Gun laws in Hawaii
|Subject/Law||Long guns||Handguns||Relevant Statutes||Notes|
|State Permit to Purchase?||Yes||Yes|
|Firearm registration?||Yes||Yes||HRS 0134-0002||Must be registered with county Police Chief within 5 days of purchase.|
|"Assault weapon" law?||No||Yes||Law bans "assault pistols" with two or more banned features. Does not apply to rifles or shotguns with a barrel length greater than 16 inches|
|Magazine Capacity Restriction?||No||Yes||Handgun magazines with a capacity of more than 10 rounds are prohibited|
|Owner license required?||Yes||Yes|
|Carry permits issued?||No||Yes||HRS 0134-0009||May-Issue by statute, but No-Issue in practice. The chief of police may grant a permit "in an exceptional case, when an applicant shows reason to fear injury to the applicant's person or property". In practice, Hawaii is "No-Issue," as issuing authorities rarely or never approve applications for permits, and there are no known Hawaii CCW permits. In March 2014, the 9th Circuit US Court of Appeals has ruled Hawaii's restrictive concealed carry policy unconstitutional, but the court has allowed the law to remain in effect while the State of Hawaii appeals the ruling.|
|Open Carry?||No||Yes||By law, Hawaii is a Licensed Open Carry State, but since licenses are rarely issued, the state is Non-Premissive for open carry in practice. The chief of police may grant a permit "Where the urgency or the need has been sufficiently indicated" provided that the person is "is engaged in the protection of life and property". In practice, Hawaii is "No-Issue," as issuing authorities rarely or never approve applications for permits.|
|State Preemption of local restrictions?||Yes||Yes||Municipalities may enact and enforce local regulations only if they are identical to, and provide the same penalty as, State law.|
|NFA weapons restricted?||Yes||Yes||Machine guns, short barreled rifles, short barreled shotguns, and silencers/suppressors are prohibited from the average citizen. Destructive devices and AOW's are allowed with proper tax stamp and NFA paperwork from the ATF|
|Peaceable Journey laws?||No||No||None||Federal laws observed.|
Hawaii is a "may issue" state for concealed carry. "In an exceptional case, when an applicant shows reason to fear injury to the applicant's person or property," a license to carry a pistol or revolver may be granted or denied at the discretion of the county police chief. In practice however few if any concealed carry licenses are granted, and issuance of carry permits is normally limited to active or retired law enforcment officers, security professionals and military members. Hawaii does not recognize concealed carry permits issued by other states.
Acquiring a firearm in Hawaii requires a permit to acquire, issued to qualified applicants by the county police chief. There is a minimum 14-20 day waiting period for receiving a permit. A separate permit is required for each handgun(s) transaction to be acquired (valid for a period of 10 days), while a "long gun" permit can be used for any number of rifles or shotguns for a period of one year. In addition to passing a criminal background check, applicants must provide an affidavit of mental health, and agree to release their medical records. First time applicants must be fingerprinted by the FBI (fee applies). When applying to acquire a handgun, a handgun safety training course affidavit or hunter's education card is also required.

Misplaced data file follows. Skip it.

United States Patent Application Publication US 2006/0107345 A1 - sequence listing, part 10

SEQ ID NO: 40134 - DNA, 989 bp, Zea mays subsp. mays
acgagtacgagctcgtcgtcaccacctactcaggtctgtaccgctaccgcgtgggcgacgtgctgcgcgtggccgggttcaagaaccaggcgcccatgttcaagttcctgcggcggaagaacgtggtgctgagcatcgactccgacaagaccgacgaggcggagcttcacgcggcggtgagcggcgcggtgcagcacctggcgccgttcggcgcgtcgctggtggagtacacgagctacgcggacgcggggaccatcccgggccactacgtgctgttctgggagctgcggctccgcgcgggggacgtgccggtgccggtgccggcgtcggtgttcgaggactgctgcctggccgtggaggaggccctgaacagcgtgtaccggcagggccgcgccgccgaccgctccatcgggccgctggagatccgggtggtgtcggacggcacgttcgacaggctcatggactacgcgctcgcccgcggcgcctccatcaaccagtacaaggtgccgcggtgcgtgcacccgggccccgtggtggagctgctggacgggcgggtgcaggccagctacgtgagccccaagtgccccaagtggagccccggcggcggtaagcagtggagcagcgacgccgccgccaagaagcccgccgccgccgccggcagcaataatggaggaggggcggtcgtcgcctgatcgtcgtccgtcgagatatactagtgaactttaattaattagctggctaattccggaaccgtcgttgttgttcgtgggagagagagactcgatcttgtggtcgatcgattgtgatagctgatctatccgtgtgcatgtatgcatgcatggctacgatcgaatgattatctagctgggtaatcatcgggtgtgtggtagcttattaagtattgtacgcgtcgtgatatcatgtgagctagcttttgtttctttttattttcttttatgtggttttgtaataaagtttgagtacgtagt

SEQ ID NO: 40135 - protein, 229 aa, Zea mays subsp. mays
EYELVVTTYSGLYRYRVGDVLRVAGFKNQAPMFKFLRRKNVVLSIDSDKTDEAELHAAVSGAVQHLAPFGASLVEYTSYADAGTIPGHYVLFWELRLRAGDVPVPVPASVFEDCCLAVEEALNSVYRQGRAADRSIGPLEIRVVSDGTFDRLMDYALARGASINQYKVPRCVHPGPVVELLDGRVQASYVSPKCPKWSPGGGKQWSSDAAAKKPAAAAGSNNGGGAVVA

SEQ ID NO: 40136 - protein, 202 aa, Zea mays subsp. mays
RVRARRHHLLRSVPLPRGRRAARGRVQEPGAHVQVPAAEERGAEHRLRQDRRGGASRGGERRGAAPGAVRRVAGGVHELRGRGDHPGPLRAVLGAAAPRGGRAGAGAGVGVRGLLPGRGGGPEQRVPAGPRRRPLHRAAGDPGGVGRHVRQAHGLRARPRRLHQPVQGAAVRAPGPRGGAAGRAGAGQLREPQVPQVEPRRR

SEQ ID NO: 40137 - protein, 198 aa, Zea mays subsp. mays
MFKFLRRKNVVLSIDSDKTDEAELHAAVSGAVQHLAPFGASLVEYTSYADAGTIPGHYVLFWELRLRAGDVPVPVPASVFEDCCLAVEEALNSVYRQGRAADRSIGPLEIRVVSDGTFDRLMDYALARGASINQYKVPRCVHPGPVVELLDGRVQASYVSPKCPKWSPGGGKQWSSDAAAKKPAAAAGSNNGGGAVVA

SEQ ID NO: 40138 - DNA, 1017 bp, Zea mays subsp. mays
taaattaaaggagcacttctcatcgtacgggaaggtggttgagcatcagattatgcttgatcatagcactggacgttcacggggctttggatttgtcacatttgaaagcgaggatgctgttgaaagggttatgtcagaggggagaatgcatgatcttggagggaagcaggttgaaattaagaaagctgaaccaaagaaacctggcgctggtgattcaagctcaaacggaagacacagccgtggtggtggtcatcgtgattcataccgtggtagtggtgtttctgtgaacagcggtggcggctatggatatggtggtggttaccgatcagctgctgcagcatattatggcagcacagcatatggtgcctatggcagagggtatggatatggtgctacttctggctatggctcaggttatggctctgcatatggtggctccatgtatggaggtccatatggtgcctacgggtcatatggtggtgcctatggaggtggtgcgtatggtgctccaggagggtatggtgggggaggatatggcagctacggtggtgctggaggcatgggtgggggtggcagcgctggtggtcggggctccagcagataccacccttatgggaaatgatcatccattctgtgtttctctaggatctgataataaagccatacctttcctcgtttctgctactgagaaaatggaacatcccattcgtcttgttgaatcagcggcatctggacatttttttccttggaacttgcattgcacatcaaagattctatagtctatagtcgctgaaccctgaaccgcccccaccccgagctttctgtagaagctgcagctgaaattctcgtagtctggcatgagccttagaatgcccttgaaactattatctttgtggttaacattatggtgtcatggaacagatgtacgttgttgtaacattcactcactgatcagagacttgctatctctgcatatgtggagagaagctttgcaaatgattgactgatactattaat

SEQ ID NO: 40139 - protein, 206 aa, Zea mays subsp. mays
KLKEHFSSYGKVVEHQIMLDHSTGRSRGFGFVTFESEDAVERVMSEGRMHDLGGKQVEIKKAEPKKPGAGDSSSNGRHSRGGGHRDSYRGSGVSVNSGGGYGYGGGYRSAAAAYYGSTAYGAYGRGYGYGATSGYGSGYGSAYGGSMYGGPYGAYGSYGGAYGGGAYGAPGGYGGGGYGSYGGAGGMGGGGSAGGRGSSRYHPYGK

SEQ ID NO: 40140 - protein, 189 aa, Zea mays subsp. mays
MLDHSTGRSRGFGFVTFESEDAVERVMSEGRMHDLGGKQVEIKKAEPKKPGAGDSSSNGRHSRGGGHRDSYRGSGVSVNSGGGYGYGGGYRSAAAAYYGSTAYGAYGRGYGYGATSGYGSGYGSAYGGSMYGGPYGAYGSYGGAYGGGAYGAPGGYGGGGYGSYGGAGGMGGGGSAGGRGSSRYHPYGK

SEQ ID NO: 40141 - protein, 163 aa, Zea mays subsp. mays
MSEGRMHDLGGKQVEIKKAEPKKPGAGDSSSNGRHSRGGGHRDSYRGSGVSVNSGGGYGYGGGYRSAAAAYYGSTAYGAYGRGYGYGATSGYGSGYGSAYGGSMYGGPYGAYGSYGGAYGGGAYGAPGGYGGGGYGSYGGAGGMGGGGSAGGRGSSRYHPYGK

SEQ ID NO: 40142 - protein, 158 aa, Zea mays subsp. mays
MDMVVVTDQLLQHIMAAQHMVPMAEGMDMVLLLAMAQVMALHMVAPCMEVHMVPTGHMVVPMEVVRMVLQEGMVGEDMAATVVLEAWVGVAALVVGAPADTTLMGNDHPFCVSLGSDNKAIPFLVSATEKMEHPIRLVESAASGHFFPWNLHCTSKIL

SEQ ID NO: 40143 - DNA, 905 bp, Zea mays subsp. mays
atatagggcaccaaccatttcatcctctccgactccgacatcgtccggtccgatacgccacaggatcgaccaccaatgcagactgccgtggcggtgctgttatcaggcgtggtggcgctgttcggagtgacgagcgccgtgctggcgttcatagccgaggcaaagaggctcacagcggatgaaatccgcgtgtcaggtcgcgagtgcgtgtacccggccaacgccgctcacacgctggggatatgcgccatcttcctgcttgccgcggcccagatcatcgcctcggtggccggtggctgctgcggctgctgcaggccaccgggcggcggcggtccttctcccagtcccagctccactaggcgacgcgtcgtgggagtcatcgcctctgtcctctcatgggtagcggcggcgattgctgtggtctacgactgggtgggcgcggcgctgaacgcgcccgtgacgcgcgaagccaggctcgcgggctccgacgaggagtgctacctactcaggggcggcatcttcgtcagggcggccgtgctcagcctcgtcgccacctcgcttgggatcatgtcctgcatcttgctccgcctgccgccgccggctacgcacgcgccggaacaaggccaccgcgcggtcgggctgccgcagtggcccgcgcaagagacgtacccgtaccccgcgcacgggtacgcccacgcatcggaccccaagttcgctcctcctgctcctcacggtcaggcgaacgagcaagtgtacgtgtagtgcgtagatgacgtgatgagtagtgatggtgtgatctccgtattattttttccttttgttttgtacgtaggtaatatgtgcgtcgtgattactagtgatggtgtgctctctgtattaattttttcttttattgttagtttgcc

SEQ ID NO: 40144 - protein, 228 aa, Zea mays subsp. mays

Firearms acquired within the state must be registered with the chief of police within 5 days. Firearms brought in from out of state, including those owned prior to moving to Hawaii, must be registered within 3 days of arrival. Registration of firearms brought in from out of state does not involve a waiting period, however a FBI fingerprint and background check will be conducted. Registration is not required for black-powder firearms or firearms manufactured before 1899.
Carrying a loaded firearm, concealed or not concealed, including in a vehicle, is a class A felony. Unloaded firearms that are secured in a gun case and are accompanied by a corresponding permit are allowed to be transported in a vehicle between the permitted owner's residence or business and: a place of repair; a target range; a licensed dealer's place of business; an organized, scheduled firearms show or exhibit; a place of formal hunter or firearm use training or instruction; or a police station.
Fully automatic firearms, shotguns with barrels less than 18 inches long, and rifles with barrels less than 16 inches long are prohibited by state law. Also banned are handgun magazines that can hold more than 10 rounds of ammunition, and semi-automatic handguns with certain combinations of features that the state has defined as "assault pistols".
- State Firearms Laws and Published Ordinances for Hawaii – ATF
- "State Gun Laws: Hawaii", National Rifle Association – Institute for Legislative Action. Retrieved December 31, 2012.
- "Hawaii State Law Summary", Law Center to Prevent Gun Violence. Retrieved December 31, 2012.
- "Hawaii Revised Statutes §134–9: Licenses to carry". Capitol.hawaii.gov. Retrieved November 23, 2011.
- "Women Tell Lawmakers They Want the Right to Protect Themselves with a Concealed Firearm", Hawaii Reporter, February 17, 2006[dead link]
- Hawaii Concealed Carry CCW Laws and Information on carryconcealed.net[dead link]
- "Hawaii Concealed Carry Permit Information on". Usacarry.com. Retrieved November 23, 2011.
- "Hawaii Gun Laws – Honolulu Police Department". Honolulupd.org. July 17, 2011. Retrieved November 23, 2011.
- "Hawaii Gun Laws – Hawaii Rifle Association". Hawaiirifleassociation.org. May 3, 2008. Retrieved November 23, 2011.
- "Carrying or use of firearm in the commission of a separate felony; place to keep firearms; loaded firearms; penalty". Honolulupd.org. July 17, 2011. Retrieved November 23, 2011.